Retaliation for Exercising First Amendment Rights

 

Transfer to Medium Security Prison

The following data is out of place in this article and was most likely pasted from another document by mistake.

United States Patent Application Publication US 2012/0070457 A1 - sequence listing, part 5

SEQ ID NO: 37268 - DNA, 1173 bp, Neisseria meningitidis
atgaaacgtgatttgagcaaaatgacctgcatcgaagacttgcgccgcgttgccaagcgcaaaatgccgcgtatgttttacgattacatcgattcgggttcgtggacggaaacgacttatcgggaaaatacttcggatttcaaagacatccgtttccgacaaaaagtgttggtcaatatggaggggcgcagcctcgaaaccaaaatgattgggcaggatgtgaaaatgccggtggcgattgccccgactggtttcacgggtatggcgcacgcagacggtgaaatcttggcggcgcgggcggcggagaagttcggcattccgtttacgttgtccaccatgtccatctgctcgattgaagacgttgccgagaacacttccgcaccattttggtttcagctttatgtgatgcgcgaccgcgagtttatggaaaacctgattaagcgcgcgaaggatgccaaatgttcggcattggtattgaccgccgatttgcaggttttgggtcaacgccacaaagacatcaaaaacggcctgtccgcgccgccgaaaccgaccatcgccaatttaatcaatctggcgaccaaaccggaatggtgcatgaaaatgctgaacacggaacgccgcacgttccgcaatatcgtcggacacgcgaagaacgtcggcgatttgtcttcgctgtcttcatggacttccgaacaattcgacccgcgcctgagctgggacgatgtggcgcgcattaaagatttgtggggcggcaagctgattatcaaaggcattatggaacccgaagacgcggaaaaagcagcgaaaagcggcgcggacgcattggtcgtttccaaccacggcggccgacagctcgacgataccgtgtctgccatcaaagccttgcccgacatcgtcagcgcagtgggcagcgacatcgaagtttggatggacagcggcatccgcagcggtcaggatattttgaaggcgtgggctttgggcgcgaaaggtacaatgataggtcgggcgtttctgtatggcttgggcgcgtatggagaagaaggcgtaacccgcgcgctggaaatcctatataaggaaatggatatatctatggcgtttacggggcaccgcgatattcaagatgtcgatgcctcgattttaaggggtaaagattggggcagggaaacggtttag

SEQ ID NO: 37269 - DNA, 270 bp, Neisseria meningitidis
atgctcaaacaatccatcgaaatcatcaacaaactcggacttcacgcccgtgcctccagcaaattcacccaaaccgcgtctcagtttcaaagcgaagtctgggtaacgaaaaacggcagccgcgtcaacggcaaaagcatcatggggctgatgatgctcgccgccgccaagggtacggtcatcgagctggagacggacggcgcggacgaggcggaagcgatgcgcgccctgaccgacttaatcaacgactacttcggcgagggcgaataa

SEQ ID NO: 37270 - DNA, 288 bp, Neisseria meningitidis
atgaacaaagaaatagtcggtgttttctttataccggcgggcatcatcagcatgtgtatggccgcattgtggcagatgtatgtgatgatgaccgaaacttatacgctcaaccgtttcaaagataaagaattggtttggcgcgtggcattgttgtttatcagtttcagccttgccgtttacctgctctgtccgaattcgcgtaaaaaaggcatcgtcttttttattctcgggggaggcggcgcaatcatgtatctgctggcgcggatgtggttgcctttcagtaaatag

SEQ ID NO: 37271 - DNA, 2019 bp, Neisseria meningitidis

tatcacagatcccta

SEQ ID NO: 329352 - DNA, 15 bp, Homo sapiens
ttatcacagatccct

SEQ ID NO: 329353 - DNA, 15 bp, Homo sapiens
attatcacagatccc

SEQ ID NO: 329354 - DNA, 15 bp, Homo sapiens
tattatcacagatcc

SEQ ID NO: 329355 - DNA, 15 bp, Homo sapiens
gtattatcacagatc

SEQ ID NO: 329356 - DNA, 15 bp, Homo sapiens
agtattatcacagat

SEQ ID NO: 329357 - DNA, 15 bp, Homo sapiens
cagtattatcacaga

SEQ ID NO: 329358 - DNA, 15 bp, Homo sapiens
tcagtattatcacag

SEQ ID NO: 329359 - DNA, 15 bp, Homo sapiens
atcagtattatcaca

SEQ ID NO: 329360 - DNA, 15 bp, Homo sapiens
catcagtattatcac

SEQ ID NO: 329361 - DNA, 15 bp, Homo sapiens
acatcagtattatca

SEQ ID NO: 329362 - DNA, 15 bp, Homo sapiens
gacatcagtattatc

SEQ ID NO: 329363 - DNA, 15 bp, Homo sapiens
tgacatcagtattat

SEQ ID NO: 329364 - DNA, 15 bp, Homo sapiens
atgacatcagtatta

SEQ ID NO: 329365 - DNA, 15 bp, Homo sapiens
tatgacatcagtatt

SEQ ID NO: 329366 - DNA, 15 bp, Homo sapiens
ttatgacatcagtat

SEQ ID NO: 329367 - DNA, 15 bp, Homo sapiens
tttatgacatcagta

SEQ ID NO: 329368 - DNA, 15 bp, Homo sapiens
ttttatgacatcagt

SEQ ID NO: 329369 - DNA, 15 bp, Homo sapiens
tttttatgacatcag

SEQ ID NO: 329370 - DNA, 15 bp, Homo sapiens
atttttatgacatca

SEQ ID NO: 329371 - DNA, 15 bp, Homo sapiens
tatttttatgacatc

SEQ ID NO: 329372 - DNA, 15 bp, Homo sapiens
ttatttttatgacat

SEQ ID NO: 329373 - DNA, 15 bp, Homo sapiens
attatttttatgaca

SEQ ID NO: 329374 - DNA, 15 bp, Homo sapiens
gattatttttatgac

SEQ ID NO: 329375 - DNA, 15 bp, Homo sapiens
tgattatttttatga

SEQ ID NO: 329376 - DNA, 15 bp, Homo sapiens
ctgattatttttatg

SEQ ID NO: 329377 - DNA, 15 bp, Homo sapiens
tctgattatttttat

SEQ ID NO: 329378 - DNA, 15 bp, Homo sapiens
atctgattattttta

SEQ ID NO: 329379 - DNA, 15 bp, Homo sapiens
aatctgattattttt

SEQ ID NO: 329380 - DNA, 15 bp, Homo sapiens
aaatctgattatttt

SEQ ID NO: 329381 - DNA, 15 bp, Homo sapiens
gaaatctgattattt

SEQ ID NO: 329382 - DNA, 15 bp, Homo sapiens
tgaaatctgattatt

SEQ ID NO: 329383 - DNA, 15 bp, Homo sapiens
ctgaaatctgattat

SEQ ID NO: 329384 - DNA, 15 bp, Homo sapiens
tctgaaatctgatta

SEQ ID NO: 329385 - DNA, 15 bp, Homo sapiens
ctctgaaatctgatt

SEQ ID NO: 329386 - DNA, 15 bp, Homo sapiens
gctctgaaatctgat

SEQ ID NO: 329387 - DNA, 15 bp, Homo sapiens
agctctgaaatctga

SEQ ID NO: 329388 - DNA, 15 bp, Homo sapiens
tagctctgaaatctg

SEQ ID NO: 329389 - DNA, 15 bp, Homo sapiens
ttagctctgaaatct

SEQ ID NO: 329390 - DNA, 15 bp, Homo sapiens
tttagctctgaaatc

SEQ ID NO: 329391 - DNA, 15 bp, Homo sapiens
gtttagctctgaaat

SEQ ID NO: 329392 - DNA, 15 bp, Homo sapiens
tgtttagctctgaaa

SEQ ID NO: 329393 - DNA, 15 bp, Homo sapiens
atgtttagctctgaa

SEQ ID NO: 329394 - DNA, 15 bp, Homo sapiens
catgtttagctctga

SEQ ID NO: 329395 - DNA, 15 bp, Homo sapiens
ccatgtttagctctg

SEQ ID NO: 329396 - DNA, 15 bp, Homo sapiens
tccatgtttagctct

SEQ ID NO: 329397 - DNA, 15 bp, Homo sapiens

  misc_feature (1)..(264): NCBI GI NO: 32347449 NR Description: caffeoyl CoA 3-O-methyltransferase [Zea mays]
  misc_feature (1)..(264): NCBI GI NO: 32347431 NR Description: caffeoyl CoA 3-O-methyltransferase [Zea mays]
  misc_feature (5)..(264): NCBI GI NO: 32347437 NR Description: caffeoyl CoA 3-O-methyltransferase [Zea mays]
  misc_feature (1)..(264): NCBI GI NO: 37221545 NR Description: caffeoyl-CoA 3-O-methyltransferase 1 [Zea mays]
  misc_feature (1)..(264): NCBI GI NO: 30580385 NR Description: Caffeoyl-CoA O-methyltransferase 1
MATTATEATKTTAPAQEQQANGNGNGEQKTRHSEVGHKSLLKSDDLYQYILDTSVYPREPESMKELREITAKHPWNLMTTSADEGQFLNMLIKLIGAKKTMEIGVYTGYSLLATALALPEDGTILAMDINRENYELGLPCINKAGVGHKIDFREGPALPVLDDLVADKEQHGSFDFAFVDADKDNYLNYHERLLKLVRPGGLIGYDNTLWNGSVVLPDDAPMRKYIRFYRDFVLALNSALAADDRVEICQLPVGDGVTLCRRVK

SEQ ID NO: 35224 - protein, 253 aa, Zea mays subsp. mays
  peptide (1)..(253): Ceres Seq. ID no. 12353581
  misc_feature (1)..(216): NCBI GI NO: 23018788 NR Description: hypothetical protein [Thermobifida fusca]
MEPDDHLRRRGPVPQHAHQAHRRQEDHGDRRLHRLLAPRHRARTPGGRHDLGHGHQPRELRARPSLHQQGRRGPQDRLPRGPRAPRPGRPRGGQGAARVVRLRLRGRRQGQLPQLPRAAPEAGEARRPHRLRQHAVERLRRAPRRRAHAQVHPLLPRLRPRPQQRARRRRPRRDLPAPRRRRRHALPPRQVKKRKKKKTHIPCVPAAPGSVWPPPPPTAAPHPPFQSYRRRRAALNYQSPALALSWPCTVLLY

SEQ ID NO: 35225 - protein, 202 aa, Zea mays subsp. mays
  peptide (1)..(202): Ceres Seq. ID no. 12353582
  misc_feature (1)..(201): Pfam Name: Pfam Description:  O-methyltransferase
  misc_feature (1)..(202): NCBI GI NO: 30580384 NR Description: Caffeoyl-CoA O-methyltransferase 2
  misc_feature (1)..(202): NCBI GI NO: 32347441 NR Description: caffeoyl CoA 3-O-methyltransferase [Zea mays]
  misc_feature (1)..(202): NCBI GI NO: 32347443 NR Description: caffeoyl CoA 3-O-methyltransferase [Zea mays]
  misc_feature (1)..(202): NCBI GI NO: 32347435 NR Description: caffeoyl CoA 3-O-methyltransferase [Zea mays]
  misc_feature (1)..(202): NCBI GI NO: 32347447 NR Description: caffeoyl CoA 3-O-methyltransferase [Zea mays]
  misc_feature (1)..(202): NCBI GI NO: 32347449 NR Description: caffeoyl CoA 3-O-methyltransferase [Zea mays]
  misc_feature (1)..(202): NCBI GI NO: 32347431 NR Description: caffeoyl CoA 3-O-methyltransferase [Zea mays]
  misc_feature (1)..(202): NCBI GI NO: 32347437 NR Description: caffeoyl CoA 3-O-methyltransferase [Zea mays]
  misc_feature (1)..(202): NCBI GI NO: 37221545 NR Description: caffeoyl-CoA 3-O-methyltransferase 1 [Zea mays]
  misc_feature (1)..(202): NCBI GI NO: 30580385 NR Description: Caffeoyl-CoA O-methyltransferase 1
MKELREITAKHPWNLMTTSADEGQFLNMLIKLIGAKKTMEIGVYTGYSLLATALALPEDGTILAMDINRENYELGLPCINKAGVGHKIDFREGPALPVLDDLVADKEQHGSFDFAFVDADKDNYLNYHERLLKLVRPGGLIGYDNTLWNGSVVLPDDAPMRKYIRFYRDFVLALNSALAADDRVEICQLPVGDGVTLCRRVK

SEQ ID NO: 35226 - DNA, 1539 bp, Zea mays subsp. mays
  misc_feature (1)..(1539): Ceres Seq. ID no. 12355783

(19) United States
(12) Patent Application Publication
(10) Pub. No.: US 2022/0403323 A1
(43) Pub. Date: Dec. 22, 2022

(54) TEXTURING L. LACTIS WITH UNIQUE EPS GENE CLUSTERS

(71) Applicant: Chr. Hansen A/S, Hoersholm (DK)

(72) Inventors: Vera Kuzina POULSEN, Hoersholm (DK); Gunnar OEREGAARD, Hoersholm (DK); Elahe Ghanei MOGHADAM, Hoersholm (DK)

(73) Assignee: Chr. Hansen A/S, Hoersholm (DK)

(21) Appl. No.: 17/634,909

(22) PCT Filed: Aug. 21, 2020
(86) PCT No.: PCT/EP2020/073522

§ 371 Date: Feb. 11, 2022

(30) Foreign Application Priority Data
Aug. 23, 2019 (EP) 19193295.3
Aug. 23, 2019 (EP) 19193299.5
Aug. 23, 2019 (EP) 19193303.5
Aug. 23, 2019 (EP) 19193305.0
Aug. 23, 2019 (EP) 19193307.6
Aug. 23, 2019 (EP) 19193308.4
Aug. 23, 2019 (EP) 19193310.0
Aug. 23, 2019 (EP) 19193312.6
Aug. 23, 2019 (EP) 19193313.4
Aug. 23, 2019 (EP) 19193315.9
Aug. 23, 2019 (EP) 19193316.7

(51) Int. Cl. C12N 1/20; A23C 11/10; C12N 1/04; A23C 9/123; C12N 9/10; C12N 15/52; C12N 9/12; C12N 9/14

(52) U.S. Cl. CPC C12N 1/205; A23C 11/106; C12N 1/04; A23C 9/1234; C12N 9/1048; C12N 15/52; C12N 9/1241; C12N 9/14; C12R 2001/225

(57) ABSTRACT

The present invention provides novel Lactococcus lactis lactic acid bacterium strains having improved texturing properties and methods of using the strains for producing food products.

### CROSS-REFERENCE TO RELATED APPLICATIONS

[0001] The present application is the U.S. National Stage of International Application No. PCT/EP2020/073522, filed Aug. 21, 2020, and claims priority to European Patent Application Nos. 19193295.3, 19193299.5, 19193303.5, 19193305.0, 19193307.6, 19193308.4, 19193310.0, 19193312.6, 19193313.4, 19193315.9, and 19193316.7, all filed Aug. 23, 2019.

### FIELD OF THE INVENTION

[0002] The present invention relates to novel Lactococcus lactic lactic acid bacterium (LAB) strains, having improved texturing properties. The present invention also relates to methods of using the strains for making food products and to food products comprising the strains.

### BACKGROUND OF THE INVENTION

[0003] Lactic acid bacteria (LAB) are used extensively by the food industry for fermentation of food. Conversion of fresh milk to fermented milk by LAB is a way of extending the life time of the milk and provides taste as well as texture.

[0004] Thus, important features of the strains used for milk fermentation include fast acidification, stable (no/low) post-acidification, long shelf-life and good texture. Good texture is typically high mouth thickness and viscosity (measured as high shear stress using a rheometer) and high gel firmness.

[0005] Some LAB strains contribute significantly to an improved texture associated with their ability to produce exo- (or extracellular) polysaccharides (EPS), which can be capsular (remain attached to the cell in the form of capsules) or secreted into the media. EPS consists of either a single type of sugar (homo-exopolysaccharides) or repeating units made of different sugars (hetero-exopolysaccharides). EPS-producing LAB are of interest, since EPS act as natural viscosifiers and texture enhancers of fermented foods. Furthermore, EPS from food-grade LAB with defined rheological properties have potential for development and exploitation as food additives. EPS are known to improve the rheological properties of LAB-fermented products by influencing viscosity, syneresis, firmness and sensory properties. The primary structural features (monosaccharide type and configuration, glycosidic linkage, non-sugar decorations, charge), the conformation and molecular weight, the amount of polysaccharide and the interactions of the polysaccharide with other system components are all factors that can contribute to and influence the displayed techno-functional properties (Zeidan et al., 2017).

The plaintiff does not dispute that Lincoln (a minimum security prison at the time) was transformed to an all-female prison, making his transfer inevitable. He argues instead that his transfer to Logan, a medium security prison, rather than to another minimum security prison, constituted the retaliation. Yet he does not dispute defendant Scott's averment that the majority of men were transferred to *736 Logan or Dixon, both medium security prisons. He does not offer any examples of similarly situated inmates who were transferred to a minimum security prison. Further, over two hundred inmates were transferred to Logan as part of the transformation. The plaintiff was transferred to Logan on September 20, 2000, and about 260 more inmates were transferred there a little over two weeks later. The plaintiff asserts that retaliation is obvious because he was transferred first, but no reasonable inference of retaliation arises from this fact. Additionally, the plaintiff does not point out any particular grievances or litigation that allegedly spurred the retaliatory transfer. He alludes generally to his grievance and litigation activities, but the grievances in the record go back to 1999, including his "insolent" grievance, well over a year before he was transferred. Further, the plaintiff provides no evidence to rebut the affidavit of Jeff Hamilton, who was involved in the process of transferring the inmates, and who avers that inmates were selected at random by the transfer coordinator's office, with the exception of factoring in an inmate's list of documented enemies. The transfer coordinator's officer communicated the assignments to Mr. Hamilton, who then initiated the paperwork and forwarded it for the proper signatures. [Hamilton Aff. para. 3-6]. The plaintiff counters that the warden's signature is required for every transfer, but that does not address Hamilton's assertion that the assignment was random. In sum, the plaintiff has failed to produce any competent evidence that would allow a reasonable juror to conclude that he was transferred in retaliation for his First Amendment activities. Summary judgment must therefore be granted to the defendants on this claim.